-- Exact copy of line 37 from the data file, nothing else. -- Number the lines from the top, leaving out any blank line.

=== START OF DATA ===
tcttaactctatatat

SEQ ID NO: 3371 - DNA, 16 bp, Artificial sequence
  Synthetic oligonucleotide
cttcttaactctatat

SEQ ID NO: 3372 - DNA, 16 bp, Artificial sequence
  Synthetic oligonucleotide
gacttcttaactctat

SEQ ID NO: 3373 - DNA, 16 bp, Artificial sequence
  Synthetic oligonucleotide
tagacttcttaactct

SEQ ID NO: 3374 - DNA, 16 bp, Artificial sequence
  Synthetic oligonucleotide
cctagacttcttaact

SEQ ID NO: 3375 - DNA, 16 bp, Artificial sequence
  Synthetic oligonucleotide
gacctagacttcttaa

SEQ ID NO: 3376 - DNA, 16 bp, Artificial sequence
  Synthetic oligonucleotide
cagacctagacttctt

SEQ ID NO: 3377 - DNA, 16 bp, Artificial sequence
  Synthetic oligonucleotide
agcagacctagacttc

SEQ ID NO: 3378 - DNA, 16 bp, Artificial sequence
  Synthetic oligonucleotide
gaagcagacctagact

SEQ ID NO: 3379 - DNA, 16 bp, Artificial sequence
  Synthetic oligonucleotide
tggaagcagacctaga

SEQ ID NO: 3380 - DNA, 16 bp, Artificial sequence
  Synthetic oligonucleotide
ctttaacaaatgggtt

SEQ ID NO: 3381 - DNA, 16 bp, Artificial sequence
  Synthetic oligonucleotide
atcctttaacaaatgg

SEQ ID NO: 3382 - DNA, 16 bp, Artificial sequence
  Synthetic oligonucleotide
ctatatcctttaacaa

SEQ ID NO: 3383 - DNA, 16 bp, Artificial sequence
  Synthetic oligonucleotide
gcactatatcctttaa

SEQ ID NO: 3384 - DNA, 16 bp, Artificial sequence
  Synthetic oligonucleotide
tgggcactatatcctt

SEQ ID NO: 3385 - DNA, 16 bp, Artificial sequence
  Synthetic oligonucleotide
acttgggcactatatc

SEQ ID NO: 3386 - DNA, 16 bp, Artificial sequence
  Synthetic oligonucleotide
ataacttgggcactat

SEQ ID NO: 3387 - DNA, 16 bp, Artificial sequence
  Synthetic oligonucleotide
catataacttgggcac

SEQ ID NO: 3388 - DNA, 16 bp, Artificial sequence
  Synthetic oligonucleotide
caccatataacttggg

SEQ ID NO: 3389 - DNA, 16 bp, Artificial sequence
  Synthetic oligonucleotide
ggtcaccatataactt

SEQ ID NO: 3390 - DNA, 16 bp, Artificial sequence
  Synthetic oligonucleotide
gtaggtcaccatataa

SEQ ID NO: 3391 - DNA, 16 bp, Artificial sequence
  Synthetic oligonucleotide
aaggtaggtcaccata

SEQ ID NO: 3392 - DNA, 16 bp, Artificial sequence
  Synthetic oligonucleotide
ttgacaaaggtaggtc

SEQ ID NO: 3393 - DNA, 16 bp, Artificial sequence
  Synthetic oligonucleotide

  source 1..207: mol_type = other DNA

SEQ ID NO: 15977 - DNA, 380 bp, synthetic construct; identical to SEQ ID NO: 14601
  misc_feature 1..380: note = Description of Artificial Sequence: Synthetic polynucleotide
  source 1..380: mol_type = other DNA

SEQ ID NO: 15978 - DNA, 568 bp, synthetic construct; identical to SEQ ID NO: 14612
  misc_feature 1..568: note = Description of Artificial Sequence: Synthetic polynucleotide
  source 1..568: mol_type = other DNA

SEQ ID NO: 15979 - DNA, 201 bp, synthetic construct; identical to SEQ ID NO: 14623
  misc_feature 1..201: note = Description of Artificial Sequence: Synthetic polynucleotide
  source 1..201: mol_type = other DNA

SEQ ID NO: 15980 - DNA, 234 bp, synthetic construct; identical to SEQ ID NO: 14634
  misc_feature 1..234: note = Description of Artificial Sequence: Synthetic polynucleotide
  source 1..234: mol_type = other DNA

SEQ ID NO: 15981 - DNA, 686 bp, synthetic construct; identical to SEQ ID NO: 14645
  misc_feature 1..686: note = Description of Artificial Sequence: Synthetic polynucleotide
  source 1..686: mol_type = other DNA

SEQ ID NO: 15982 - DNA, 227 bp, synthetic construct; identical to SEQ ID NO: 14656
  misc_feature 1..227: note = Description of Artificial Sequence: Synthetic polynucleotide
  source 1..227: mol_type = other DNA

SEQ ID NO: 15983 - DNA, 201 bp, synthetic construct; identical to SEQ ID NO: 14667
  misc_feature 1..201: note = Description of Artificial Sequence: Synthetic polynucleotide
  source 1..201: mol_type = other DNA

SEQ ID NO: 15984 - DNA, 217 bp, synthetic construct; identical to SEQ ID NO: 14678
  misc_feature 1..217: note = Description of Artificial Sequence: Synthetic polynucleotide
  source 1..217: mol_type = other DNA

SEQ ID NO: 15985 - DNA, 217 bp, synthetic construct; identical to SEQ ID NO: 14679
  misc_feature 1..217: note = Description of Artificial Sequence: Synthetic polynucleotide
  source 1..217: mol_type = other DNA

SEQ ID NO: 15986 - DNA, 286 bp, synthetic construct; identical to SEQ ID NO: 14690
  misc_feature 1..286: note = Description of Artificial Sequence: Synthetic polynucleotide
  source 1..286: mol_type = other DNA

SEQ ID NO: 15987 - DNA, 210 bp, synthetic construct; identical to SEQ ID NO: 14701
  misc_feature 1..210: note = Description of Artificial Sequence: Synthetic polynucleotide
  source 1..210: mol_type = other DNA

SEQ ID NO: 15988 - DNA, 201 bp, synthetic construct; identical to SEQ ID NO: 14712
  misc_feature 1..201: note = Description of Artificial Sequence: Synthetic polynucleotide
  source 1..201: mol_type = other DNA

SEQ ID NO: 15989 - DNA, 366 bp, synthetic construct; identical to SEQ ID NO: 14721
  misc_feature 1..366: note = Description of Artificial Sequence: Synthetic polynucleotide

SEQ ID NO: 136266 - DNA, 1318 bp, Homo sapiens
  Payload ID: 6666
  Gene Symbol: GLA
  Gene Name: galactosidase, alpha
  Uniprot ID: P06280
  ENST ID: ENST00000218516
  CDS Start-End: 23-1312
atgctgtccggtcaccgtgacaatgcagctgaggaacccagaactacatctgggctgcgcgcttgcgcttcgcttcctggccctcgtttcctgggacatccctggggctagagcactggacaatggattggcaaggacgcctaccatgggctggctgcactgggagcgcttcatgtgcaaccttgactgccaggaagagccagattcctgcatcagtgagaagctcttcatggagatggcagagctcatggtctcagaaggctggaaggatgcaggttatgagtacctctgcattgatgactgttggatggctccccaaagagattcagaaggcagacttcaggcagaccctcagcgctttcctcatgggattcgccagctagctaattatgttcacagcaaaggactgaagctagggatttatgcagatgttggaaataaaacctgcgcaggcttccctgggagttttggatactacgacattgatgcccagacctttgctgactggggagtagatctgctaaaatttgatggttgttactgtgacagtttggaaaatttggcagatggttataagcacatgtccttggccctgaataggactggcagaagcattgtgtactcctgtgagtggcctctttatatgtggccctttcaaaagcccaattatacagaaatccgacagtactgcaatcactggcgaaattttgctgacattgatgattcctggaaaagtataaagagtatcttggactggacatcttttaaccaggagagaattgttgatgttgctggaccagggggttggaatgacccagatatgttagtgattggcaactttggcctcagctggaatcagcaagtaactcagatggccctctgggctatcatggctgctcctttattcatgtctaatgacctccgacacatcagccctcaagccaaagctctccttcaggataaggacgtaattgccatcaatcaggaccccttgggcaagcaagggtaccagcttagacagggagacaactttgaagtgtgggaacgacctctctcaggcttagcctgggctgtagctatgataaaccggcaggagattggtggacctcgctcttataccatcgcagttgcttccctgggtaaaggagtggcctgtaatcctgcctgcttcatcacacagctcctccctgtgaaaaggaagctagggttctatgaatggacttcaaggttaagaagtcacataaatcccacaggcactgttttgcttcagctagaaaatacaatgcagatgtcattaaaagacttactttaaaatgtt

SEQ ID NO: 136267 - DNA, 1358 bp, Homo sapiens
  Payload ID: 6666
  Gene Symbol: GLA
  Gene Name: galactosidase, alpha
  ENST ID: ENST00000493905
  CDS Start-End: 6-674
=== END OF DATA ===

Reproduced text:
ctatatcctttaacaa